3 weeks after the Japanese surrender in mid-August 1945, Truman turned over the fate of the OSS to Congress. The Congressional Committee on Agency Liquidation then closed the OSS and with it one of the more intriguing and compelling chapters in American military history.

    Overview

    OSS in World War II

    Pre-World War II

    “Wild Bill” Donovan

    More Fact Finding

    Political Infighting

    More Fact Finding

    COI Functions

    OSS Created

    Headliners & “Joes”

    Spy Schools

    William Fairbairn

    The Recruits

    Recruiting the Brightest (2)

    Creative Tools

    Josephine Baker

    Virginia Hall

    Hall Remembered

    “Joes” & “Jeds”

    Diary Account of Narcisse (2)

    Information Gathering

    Congressional Enemies

    Richard Park’s Report

    End of the OSS

    End of Presentation

    Power point presentation #3 is titled, World War II - European Theater - The French Resistance and contains 16 slides.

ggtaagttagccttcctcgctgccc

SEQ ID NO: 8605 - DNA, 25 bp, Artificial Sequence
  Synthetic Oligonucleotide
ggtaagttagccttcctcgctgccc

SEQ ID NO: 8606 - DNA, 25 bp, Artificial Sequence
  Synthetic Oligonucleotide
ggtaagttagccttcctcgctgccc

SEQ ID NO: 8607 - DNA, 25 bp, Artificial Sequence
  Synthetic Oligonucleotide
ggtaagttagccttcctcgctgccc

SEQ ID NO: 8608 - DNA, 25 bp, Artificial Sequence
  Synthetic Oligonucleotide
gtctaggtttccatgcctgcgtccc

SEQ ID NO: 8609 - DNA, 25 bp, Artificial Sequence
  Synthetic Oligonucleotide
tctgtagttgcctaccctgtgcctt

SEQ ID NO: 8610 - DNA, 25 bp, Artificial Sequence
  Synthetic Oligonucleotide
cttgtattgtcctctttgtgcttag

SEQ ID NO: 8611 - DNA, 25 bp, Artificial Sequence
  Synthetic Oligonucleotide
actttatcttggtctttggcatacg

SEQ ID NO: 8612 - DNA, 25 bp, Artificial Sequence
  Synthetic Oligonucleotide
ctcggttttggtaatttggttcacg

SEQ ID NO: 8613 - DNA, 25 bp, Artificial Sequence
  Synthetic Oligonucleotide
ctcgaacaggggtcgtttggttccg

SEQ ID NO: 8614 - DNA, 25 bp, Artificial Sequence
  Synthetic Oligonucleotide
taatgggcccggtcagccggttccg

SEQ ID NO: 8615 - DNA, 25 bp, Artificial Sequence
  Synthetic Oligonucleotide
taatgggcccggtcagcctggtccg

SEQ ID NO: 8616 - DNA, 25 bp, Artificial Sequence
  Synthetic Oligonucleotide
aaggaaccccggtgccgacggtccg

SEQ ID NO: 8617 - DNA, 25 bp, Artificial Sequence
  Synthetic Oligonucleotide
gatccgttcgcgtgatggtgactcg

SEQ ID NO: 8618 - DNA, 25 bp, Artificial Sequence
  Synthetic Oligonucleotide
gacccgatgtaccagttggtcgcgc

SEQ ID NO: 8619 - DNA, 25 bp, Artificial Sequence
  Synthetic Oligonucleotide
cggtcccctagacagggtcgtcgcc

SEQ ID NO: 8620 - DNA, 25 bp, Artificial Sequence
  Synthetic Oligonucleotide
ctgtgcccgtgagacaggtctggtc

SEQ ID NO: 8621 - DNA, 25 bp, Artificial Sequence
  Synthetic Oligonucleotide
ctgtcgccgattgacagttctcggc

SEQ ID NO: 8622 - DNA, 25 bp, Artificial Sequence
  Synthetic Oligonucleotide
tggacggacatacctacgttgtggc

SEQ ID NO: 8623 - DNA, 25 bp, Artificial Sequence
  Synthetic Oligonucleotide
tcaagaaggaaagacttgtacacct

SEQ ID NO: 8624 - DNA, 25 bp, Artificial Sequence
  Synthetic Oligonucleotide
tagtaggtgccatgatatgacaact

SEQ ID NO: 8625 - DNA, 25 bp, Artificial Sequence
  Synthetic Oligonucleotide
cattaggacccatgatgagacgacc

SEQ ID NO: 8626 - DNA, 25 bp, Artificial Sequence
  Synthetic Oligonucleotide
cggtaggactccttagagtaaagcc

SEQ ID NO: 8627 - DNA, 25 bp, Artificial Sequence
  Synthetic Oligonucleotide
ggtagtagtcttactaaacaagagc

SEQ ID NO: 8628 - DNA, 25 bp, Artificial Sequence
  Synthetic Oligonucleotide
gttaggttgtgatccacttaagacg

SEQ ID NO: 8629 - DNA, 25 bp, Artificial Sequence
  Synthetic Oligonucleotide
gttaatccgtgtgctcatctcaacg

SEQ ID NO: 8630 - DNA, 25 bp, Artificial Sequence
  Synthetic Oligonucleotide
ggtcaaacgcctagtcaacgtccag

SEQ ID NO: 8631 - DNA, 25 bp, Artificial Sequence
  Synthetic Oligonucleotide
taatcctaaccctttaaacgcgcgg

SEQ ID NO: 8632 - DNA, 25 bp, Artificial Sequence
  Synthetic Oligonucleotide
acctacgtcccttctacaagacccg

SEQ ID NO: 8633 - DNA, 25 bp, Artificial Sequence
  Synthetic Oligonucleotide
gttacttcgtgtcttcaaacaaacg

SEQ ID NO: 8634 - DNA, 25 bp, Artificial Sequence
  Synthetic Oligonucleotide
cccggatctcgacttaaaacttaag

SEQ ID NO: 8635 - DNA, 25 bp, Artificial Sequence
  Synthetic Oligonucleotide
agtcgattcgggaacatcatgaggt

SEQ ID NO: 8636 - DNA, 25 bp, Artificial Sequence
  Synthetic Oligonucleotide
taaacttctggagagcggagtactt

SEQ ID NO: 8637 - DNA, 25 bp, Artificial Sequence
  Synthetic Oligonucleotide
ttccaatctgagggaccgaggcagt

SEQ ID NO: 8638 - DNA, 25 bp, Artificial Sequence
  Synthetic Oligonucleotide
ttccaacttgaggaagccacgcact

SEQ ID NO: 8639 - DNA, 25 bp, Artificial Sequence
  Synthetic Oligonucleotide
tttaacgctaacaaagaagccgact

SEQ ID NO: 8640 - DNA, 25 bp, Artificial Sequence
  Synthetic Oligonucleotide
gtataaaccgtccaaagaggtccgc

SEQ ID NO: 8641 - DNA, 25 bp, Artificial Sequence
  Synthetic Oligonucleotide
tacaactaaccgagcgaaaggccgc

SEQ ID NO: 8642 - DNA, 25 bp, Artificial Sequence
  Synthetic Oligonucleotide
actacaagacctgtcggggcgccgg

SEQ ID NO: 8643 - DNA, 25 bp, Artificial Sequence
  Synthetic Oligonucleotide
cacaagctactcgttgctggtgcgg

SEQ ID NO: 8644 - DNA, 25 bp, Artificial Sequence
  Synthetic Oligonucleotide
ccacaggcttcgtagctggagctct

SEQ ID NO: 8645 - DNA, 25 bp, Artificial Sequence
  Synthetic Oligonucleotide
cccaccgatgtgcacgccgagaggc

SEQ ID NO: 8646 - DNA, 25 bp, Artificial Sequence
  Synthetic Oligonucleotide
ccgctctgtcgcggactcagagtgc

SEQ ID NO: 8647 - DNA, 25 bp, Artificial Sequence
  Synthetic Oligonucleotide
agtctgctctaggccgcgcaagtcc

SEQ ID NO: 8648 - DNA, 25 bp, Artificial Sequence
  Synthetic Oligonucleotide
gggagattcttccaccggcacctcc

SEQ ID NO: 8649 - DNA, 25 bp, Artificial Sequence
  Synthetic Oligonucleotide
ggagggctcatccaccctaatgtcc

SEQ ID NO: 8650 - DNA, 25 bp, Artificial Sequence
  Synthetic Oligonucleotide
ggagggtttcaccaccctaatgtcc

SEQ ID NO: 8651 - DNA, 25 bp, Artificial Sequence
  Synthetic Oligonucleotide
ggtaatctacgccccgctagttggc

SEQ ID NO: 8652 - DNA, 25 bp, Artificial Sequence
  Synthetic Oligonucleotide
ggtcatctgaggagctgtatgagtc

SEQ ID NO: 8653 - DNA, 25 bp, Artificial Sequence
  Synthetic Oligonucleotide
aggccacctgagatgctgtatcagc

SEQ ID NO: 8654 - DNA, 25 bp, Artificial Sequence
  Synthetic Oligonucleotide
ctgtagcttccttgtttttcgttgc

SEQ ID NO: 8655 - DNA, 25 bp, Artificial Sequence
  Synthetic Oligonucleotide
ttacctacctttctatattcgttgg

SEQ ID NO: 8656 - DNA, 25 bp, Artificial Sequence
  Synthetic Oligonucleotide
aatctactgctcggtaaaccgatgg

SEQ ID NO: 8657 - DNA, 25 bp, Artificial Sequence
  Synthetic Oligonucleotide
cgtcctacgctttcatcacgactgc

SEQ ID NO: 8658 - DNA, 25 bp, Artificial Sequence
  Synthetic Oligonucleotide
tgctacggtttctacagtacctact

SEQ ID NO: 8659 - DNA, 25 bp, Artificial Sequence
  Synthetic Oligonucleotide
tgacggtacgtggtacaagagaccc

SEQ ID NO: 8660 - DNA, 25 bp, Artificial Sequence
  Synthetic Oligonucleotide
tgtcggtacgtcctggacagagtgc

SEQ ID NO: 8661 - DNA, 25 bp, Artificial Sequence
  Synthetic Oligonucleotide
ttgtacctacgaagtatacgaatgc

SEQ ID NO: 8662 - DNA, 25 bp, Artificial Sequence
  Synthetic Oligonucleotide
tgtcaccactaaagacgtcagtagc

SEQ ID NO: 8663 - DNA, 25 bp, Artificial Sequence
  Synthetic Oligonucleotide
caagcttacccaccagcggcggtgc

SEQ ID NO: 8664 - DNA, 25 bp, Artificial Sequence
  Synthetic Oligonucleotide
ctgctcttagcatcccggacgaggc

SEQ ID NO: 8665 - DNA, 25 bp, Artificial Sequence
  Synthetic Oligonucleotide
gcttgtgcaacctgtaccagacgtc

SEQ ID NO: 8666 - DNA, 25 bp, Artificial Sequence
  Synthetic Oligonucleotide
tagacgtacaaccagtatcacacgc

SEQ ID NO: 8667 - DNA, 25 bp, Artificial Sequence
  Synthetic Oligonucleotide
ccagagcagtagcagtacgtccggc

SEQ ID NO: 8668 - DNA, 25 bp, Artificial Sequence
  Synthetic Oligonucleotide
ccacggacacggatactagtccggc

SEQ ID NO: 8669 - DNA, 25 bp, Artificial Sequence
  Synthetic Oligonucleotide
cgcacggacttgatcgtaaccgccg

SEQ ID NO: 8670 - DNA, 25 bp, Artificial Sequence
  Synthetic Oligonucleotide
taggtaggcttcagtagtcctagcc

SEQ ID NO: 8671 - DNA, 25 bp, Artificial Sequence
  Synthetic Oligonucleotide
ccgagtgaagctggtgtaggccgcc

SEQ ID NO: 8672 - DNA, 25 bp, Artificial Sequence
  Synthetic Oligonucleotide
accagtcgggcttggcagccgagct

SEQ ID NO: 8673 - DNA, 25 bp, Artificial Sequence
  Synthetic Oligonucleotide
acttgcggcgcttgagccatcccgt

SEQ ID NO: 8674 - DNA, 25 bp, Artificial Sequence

The French Resistance played a vital part in aiding the Allies to success in Western Europe, especially leading up to D-Day. The French Resistance supplied the Allies with vital intelligence reports as well as doing a huge amount of work to disrupt the German supply and communication lines within France.

    The surrender of France in June 1940 was a major blow to many French people in terms of their pride. Many believed that the government had let the people down. The creation of a Nazi-approved Vichy government, primarily in the center and south of the country, was, in the minds of many, further proof that politicians had let down France.

    The resistance movement was developed to provide the Allies with intelligence, attack the Germans when possible, and to assist the escape of Allied airmen.

    Overview

    Background

    Charles deGaulle

    Resistance Movement

    Early Days

    Better Organization

    Political Storms

    Working Together

    Brit & French Co-Operation